It is a regular occurrence in the real estate business to find problems with the title of a property.  Such issues are usually only discovered once a preliminary title report is issued.  Problems range from workman’s liens, court judgments, lack of easement and even including the fact that the supposed seller is not even in title.  Sometimes these issues are easily resolved, but usually not without a lot of cost and grief.  Many of these difficult issues are caused by do-it-yourselfers who didn’t understand the advantage of having a professional oversee their transaction.

     In a recent case, when the preliminary title report was issued, it was discovered that the property had no legal easement.  Worse than that, the report showed a 30 year old mortgage against the property that had never been recorded as fulfilled.  The only fact that evidenced “color of title” for the seller was that an excise tax affidavit had been recorded at time of sale.  It was transferred using a real estate contract (which never got recorded), but the principles never made arrangements for a fulfillment deed to be recorded once the last dollar was paid.  That meant the seller only had two options, 1) get that past seller to sign a new fulfillment deed, or 2) complete a Quiet Title Action which costs a lot of money and wastes a lot of time.  Another thing that complicated matters was the discovery that the original lien holders were deceased.  This meant the first option was to find heirs who would be willing to sign off on a fulfillment deed.  In this case there were 4 out-of-state heirs (2 sons and 2 daughters).  After some strenuous research, one of the daughters was contacted and a dialogue began.  One of the sons refused to sign anything for fear it was a scam. Another son was homeless in a metropolitan city and was difficult to find.  Months after the proposed closing date had come and gone, this title issue was resolved.  The fact that there was no legal access became moot because the adjoining neighbor was the new buyer.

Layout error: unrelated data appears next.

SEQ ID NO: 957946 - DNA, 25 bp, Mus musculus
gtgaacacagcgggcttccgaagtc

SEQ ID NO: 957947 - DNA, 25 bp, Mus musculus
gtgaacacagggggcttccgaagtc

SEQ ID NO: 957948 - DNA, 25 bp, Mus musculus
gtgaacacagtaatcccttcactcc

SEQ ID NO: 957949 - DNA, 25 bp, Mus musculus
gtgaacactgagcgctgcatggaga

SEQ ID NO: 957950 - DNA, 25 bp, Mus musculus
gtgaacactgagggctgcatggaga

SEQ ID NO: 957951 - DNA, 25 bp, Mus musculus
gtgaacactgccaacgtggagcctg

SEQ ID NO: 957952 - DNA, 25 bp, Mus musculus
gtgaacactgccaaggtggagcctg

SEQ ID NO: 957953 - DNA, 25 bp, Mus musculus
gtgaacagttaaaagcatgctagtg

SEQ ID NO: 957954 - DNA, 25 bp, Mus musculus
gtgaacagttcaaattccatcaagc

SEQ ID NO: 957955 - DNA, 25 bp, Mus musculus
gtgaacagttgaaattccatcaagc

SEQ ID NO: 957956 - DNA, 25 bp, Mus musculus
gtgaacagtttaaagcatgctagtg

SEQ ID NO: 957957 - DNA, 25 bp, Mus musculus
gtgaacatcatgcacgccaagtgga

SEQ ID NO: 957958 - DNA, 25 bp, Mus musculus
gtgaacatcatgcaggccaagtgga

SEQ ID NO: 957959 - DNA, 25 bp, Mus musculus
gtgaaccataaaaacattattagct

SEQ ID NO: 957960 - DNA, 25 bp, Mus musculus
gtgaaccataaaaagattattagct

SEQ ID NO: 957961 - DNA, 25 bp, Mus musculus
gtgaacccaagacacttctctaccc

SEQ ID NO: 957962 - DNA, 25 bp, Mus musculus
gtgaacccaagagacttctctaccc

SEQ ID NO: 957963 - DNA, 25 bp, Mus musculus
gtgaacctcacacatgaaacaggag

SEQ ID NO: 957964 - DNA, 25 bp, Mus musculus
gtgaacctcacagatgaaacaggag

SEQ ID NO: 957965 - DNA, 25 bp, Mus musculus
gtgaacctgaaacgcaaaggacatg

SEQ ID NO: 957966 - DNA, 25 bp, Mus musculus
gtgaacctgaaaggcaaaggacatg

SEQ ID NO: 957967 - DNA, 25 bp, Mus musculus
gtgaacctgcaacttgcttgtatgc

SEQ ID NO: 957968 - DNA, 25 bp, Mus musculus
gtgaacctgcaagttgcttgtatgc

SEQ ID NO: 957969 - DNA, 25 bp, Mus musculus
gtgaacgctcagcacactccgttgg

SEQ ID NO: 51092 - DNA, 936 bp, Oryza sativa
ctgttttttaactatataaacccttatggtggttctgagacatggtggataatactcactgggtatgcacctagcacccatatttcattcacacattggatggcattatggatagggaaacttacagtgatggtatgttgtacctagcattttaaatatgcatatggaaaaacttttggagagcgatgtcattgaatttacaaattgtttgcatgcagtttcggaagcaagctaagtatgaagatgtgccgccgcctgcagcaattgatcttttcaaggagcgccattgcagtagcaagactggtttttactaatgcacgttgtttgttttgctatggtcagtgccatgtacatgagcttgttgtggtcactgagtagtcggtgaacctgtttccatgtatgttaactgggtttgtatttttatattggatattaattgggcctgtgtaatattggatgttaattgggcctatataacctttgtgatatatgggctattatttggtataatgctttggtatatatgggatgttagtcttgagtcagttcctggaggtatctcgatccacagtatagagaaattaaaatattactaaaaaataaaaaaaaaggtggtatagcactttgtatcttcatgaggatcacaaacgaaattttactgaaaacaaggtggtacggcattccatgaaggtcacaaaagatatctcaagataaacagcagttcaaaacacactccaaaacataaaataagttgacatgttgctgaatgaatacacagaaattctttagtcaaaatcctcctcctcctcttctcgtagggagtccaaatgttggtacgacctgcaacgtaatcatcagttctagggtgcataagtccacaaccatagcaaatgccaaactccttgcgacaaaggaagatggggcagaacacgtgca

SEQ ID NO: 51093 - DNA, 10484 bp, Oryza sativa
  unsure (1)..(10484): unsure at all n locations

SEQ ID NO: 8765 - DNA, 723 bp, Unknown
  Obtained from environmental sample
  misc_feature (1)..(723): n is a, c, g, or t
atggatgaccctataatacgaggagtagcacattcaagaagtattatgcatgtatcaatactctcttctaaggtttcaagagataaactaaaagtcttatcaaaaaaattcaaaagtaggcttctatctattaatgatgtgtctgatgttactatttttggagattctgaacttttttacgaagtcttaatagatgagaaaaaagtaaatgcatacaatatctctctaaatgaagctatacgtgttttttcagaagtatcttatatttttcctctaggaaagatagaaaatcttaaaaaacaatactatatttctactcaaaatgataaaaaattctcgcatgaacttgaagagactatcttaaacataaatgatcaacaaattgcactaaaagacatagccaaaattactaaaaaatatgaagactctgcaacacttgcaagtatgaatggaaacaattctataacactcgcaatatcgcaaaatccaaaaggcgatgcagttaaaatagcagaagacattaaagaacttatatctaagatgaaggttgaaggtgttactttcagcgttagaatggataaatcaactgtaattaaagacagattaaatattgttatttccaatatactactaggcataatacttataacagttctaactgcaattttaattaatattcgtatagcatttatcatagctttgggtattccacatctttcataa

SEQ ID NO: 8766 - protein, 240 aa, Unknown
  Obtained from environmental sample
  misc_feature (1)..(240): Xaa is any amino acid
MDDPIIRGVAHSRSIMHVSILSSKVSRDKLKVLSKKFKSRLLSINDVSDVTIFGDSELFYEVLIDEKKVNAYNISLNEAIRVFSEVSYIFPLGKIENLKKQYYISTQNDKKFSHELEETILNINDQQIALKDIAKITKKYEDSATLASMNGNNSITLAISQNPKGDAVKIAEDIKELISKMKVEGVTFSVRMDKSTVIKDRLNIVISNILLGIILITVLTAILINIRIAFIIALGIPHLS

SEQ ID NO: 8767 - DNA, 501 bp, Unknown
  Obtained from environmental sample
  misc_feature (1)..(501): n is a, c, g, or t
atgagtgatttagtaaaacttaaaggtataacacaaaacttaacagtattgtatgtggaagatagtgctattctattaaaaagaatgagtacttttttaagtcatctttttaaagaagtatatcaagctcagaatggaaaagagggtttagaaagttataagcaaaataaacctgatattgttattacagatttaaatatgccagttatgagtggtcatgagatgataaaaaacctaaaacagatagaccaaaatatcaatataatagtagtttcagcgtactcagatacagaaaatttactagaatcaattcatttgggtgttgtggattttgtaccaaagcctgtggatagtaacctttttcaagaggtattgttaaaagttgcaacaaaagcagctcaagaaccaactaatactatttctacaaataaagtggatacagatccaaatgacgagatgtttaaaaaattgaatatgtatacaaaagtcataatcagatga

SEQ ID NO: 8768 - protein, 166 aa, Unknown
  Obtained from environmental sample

In another case, a seller had sold on a contract and got the property back when they accepted “a note in lieu of foreclosure” without first doing a title search.  When a broker resold the property, a large lien was discovered that had been a judgment against the forfeiting contract buyer.